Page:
Lifestyle · Mental Health

What Does It Mean To Be Strong?

I think we get it very wrong when we believe that strength is the opposite or absence of weakness. Strength is instead the recognition, acceptance, and actions taken even with weakness.

“Courage is not the absence of fear, but the triumph over it. The brave man is not he who does not feel afraid, but he who conquers that fear.” – Nelson Mandela

Strength used to be seen as being physically muscular and capable; or fighting a good fight; or handling emotions; or a parent going it alone after the death of a spouse (etc.). All these are parts of strength, but they are not the definition. Instead, I have some other ideas…



This is perhaps my favourite word to help describe what strength really is. I used to think of myself as weak because of my anxiety, my high sensitivity, and how easily I’m hurt. But more recently, I’ve begun to see myself as strong because things haven’t been simple or easy for me.

I’ve been knocked down many times, sometimes by small things like social anxiety, sometimes by much bigger life events. But the thing is, I always get back up. My sister once said to me that she admires me because I keep on going even when bad luck seems to follow me around!

Now that’s resilience; that’s strength.

“Fall down seven times, stand up eight.”



Brene Brown has made me obsessed with vulnerability as a concept! As she says, vulnerability isn’t something to be avoided. That most of us don’t want to be vulnerable due to fear of rejection, criticism, judgement, shame, failure, or other.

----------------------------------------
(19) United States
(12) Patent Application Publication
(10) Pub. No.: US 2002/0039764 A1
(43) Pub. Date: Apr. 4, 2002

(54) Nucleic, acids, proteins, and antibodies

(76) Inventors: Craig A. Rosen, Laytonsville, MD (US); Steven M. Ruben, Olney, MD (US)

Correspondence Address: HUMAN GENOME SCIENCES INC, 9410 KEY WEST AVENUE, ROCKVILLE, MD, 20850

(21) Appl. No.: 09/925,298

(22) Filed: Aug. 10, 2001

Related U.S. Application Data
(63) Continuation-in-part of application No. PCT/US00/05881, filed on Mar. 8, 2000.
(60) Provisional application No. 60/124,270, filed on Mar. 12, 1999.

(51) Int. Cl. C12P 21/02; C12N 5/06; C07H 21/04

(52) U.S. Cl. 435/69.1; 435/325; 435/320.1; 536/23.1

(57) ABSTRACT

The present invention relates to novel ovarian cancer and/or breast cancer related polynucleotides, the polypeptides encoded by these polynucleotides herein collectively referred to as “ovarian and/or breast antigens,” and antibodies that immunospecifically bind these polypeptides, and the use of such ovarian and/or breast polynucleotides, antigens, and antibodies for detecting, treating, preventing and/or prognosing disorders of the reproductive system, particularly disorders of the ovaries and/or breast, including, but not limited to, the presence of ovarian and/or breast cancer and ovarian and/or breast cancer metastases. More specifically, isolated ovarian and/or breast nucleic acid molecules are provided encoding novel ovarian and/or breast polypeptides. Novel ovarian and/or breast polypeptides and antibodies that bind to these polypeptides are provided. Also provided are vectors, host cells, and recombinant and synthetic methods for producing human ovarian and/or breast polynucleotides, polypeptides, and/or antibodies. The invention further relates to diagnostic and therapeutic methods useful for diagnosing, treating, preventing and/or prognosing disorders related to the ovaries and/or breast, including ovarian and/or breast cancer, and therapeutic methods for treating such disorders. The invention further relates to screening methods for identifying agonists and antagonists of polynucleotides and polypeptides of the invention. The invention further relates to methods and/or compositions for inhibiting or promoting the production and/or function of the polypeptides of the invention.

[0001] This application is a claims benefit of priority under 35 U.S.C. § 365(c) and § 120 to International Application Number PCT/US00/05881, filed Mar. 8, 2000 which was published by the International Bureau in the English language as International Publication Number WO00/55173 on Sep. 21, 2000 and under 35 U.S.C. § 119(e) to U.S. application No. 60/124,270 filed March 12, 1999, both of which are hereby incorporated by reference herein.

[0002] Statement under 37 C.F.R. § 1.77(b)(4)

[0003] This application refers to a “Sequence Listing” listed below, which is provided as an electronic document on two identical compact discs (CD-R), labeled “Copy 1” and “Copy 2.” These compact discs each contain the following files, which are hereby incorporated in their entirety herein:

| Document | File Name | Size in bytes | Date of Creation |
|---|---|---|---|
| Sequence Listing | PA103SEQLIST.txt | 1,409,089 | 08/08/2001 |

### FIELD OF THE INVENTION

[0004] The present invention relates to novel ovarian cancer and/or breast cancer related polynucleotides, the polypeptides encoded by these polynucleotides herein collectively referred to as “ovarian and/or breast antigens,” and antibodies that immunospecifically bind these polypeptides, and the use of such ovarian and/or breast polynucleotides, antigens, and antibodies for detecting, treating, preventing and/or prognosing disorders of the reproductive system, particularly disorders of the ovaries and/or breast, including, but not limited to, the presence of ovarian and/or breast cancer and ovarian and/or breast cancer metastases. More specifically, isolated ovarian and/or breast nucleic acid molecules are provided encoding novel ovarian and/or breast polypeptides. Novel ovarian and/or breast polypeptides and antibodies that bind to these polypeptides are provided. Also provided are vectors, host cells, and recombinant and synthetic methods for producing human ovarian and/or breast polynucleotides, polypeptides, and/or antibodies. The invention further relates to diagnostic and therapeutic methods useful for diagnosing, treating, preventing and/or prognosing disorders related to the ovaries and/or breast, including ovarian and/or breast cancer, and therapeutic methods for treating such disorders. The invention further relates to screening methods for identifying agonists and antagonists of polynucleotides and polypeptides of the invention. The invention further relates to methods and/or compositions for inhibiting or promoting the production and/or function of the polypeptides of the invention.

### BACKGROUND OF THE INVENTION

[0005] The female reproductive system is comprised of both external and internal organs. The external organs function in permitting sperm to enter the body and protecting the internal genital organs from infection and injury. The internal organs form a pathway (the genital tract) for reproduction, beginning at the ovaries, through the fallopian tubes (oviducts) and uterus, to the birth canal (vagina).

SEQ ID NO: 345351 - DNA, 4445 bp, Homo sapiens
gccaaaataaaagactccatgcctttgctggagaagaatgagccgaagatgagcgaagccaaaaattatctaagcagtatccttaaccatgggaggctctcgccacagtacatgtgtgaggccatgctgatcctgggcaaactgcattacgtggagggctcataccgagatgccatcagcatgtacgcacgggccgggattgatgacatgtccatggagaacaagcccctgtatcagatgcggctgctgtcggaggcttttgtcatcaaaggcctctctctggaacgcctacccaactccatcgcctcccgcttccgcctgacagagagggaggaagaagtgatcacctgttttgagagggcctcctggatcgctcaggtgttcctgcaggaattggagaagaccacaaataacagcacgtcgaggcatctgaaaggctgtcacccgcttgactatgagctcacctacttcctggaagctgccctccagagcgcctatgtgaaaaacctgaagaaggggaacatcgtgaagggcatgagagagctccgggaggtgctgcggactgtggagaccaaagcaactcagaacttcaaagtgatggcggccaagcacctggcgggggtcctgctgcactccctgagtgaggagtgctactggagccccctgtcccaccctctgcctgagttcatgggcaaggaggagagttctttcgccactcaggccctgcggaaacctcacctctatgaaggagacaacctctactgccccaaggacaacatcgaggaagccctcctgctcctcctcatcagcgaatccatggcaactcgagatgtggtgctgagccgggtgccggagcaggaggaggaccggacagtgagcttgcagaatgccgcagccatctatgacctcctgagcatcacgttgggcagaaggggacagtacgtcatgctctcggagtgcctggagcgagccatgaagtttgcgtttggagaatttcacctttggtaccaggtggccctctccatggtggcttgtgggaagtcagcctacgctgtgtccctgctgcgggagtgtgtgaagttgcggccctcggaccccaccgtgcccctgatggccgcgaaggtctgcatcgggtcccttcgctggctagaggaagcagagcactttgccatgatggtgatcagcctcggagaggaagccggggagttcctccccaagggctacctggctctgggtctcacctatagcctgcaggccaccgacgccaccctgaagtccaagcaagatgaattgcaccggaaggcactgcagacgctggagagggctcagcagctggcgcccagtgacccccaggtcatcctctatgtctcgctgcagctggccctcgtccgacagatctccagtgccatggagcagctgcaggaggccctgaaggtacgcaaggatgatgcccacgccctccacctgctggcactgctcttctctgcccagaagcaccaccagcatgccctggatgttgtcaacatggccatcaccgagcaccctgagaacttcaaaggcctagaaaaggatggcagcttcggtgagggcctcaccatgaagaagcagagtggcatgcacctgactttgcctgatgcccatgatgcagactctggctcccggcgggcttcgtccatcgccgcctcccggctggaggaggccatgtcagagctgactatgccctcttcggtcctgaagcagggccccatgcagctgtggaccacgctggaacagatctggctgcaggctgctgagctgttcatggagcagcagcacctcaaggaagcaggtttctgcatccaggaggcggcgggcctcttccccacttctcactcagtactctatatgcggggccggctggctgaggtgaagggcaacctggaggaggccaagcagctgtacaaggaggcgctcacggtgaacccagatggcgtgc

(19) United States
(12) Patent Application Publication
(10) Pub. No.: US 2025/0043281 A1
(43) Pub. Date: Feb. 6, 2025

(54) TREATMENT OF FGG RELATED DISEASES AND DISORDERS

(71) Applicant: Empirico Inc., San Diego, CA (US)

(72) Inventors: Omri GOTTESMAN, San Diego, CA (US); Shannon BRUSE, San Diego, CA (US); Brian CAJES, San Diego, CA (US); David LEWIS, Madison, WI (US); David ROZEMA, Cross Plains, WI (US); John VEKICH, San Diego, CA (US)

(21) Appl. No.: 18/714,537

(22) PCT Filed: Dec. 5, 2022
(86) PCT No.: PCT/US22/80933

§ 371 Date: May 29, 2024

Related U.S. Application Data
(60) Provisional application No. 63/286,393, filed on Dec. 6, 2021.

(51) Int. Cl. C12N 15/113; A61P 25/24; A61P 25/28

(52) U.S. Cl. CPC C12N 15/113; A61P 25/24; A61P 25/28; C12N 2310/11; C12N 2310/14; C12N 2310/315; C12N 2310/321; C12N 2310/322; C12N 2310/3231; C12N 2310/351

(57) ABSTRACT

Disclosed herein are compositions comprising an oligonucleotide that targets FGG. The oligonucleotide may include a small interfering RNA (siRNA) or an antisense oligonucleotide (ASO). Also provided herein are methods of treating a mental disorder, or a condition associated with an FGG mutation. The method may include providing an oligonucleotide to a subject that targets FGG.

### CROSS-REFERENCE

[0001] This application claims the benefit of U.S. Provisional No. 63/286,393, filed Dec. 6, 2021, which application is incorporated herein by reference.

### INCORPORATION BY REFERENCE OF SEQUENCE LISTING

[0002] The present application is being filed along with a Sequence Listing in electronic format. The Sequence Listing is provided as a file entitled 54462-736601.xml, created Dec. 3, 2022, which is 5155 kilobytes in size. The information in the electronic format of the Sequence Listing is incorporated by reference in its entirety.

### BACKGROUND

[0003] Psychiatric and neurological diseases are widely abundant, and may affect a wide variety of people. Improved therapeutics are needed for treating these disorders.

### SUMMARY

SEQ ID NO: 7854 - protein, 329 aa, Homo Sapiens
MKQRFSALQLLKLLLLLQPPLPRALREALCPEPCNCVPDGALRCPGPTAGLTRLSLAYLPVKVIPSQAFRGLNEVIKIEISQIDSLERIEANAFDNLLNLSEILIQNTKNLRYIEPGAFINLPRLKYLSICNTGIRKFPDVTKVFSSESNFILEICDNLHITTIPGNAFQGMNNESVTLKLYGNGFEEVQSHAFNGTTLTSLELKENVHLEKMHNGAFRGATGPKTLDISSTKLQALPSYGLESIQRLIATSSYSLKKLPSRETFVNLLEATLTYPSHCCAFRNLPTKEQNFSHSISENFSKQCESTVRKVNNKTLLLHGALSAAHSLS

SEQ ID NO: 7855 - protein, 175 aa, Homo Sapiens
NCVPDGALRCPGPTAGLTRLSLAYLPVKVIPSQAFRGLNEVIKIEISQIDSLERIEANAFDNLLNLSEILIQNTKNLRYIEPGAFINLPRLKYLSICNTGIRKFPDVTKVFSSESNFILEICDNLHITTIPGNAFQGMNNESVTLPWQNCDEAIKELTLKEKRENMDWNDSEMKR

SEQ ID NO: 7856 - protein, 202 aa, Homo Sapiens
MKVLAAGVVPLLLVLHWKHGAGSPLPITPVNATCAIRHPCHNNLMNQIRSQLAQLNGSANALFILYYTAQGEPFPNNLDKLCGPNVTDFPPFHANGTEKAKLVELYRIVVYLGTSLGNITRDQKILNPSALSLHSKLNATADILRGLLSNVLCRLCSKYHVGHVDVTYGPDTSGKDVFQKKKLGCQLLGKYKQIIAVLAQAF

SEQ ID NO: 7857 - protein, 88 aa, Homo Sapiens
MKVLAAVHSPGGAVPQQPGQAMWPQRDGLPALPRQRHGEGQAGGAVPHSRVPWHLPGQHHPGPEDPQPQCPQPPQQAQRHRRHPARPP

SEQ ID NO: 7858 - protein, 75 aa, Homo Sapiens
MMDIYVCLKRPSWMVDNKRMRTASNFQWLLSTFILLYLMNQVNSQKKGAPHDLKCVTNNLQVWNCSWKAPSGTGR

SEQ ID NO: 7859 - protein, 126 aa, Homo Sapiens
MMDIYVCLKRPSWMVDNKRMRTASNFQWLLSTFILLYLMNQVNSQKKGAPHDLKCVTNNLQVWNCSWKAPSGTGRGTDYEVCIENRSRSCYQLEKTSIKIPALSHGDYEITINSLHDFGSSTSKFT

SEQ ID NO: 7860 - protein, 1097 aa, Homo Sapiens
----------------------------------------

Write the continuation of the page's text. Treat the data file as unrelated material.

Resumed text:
But those of us who can step into vulnerable moments regardless are very strong indeed.

This is like going for that job that’s out of your comfort zone.

This is chasing your dream.

This is saying “I love you” first.

This is hopping on the plane all alone with a one-way ticket.



Of course, strength and bravery have often gone hand-in-hand. The typical hero type is a strong, brave person. Bravery is feeling afraid but doing something anyway (See the above quote). There is strength found in those triumphs, no matter the result.


Truth & Honesty

It takes so much strength to be able to seek the truth within yourself. It also takes real strength to accept it and work through it.

Honesty as a concept seems so obvious to us all (it being the best policy and all that!), but only the strongest among us can embrace the honest truth of themselves with a whole, loving heart.


Trust yourself

It is so wonderful to be able to say with all honesty that you trust yourself. That you have enough faith in your own abilities to make the right decisions, look after yourself, and get through adversity. Getting to a place of trust takes strength, keeping that trust does too.


Love yourself

It takes real strength to love yourself. Most of us don’t, not really. But when we can accept the good and the bad and love ourselves regardless, not only do we empower ourselves but that also takes real strength to be able to do in the first place.


Showing up when it’s hard

It’s easy to show up when things are going well, but how about when things are hard? When you’re drained? When you’ve failed yet again? When you want to give in?

There’s value in rest, taking a step back, and analysing before moving forwards. But the strong are those who are not down for long. The strong are those without excuses, giving in to self-sabotage, or fear of trying just one more time (see the resilience point).

It is also so strong of you to show up for yourself each day.

This means getting out of bed when you don’t feel like it. This is choosing the apple over the chocolate bar. This is getting that email sent or that conversation done, in order to feel the stress slip away.